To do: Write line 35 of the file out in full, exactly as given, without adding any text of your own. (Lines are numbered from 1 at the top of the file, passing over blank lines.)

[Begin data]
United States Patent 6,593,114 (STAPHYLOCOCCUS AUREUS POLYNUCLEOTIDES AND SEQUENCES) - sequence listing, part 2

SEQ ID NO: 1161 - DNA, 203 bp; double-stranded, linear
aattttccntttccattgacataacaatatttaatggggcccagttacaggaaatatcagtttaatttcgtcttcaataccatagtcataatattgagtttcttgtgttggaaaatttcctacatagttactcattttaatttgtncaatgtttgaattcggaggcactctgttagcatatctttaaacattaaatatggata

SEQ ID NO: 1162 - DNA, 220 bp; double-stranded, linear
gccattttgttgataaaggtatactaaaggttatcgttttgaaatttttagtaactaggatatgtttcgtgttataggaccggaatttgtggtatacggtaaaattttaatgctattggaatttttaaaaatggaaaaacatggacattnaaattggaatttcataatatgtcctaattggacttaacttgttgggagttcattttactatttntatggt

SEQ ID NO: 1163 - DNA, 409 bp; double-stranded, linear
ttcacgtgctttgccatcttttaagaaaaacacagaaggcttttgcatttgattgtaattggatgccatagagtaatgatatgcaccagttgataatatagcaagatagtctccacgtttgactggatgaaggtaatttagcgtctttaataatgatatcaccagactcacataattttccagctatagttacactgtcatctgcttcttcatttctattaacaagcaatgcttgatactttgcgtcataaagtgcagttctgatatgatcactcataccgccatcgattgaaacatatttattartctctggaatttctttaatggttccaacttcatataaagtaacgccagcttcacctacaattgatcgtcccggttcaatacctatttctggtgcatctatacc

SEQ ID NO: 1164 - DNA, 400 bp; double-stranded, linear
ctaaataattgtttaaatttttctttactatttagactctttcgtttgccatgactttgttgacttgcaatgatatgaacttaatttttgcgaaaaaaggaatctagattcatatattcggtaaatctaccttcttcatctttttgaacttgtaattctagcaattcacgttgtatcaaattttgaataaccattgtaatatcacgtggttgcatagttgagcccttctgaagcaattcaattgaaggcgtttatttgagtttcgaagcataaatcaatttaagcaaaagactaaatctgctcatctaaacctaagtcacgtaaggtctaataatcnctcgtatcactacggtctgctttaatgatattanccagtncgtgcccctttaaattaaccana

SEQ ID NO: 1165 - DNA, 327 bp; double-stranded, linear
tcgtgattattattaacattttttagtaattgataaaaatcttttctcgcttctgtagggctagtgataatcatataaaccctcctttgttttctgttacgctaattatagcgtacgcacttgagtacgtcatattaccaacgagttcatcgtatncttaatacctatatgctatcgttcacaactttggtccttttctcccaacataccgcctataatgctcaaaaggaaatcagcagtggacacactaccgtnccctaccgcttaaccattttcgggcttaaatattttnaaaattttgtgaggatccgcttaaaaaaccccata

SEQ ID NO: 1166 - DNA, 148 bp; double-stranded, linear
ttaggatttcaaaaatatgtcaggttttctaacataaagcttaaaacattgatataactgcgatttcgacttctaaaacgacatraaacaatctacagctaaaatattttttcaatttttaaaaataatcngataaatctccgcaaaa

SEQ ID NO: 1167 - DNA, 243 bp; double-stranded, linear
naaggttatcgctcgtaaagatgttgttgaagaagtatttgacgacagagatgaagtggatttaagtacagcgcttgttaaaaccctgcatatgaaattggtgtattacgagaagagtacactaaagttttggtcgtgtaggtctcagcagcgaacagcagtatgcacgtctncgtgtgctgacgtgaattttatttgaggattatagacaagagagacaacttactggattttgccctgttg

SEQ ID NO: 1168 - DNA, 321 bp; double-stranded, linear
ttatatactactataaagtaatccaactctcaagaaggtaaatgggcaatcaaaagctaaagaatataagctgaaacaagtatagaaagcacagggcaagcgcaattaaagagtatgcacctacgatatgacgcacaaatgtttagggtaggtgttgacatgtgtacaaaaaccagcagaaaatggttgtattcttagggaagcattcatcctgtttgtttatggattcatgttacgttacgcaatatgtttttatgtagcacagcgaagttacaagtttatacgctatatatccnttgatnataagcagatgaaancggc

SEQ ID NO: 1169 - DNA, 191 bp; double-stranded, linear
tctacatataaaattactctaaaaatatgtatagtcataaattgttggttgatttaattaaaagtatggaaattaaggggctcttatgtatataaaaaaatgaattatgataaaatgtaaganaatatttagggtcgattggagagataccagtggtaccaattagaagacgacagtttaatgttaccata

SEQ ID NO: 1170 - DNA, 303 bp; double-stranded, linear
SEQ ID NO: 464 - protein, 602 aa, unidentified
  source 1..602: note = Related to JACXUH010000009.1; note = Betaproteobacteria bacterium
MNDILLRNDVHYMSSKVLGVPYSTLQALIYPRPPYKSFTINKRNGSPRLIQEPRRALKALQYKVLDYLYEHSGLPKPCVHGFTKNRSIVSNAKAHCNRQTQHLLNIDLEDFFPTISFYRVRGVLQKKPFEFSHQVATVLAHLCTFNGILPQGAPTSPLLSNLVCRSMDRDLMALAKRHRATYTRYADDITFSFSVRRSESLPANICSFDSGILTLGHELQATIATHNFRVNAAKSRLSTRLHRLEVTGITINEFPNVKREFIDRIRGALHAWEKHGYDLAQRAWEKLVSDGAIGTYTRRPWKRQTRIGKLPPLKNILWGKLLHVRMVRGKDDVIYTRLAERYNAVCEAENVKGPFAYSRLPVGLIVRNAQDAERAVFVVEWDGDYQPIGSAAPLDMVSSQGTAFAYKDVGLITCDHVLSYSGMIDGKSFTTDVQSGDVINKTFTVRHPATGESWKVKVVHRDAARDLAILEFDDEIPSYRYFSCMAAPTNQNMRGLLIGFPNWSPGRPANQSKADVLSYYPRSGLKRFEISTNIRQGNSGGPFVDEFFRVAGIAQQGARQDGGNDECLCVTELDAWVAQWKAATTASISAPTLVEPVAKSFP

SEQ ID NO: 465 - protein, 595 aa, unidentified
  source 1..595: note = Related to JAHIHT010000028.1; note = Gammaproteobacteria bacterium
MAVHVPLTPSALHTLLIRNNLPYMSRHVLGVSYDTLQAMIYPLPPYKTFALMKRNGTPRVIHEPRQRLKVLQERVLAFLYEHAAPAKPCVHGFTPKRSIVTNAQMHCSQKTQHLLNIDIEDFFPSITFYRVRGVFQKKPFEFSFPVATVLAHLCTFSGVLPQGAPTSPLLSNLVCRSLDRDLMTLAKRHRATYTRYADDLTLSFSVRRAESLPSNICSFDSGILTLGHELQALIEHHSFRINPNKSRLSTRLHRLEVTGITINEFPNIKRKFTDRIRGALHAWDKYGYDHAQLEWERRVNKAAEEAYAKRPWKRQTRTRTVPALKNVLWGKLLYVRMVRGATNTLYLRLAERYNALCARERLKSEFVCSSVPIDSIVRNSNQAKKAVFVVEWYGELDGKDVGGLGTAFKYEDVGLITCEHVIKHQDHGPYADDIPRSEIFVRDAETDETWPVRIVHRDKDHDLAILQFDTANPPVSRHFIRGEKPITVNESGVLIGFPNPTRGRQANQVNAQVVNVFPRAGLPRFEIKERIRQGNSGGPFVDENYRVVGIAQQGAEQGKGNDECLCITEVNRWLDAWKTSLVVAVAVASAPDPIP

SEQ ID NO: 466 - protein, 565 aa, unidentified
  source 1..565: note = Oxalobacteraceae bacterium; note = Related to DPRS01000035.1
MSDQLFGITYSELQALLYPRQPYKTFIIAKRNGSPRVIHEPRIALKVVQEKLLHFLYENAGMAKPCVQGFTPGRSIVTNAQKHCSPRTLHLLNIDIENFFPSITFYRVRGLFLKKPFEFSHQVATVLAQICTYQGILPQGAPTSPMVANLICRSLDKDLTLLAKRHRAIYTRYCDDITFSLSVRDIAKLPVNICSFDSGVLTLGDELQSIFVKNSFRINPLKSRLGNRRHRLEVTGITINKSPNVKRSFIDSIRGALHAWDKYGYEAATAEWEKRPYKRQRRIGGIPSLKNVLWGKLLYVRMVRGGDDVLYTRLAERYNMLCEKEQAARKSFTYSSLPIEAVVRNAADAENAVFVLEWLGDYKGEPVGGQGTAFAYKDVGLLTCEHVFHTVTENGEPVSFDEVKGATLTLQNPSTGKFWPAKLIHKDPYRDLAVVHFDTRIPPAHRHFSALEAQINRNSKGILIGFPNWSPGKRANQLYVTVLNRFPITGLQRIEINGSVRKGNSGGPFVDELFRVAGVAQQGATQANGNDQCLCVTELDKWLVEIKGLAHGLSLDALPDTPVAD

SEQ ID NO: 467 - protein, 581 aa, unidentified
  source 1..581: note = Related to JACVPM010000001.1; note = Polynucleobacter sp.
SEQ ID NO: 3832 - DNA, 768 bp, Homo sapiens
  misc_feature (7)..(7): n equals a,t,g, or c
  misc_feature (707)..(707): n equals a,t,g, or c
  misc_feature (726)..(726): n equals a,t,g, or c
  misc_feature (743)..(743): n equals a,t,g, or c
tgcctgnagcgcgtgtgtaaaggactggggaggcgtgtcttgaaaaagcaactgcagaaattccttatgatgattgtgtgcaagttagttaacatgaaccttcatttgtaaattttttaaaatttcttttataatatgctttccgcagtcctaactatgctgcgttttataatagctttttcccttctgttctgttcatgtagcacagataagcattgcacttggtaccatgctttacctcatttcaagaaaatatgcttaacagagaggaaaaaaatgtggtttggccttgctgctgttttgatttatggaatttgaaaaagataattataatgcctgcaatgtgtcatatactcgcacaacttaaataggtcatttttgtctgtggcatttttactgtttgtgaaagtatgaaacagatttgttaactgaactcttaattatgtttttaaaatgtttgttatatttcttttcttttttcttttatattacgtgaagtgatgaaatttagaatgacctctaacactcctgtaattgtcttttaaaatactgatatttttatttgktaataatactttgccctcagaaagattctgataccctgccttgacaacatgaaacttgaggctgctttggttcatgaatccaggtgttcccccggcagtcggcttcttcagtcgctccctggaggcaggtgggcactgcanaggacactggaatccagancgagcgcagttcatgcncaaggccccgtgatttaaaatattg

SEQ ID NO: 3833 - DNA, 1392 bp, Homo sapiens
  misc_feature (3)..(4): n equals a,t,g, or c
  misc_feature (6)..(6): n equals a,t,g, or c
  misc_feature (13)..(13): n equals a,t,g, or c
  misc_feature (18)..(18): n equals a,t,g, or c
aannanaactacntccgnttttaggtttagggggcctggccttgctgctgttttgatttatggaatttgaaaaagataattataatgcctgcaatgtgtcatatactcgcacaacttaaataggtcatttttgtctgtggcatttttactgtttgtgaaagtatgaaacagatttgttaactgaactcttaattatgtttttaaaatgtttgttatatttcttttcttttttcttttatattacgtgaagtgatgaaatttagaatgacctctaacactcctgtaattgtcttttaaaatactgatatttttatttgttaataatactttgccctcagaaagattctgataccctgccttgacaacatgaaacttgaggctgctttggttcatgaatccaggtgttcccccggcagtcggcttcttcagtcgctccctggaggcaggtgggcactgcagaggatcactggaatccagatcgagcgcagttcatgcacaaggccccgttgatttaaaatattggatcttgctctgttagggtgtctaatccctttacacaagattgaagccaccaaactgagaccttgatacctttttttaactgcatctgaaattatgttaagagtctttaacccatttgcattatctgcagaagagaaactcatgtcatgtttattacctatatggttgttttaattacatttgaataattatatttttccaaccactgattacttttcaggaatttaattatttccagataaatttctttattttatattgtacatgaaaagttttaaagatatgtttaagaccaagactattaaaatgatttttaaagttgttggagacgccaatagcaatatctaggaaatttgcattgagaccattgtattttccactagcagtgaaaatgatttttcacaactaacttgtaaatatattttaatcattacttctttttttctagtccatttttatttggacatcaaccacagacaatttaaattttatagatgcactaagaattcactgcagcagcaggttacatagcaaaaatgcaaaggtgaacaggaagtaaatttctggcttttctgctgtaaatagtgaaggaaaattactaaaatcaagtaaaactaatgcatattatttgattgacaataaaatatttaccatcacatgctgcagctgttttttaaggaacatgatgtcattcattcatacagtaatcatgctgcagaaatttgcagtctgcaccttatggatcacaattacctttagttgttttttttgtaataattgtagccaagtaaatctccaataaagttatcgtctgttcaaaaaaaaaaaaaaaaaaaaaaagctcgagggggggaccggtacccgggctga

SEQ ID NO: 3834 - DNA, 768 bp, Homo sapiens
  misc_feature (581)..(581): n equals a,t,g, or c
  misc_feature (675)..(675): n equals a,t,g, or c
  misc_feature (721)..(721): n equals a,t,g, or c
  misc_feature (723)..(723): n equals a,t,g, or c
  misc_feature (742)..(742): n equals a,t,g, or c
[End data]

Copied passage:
  misc_feature (726)..(726): n equals a,t,g, or c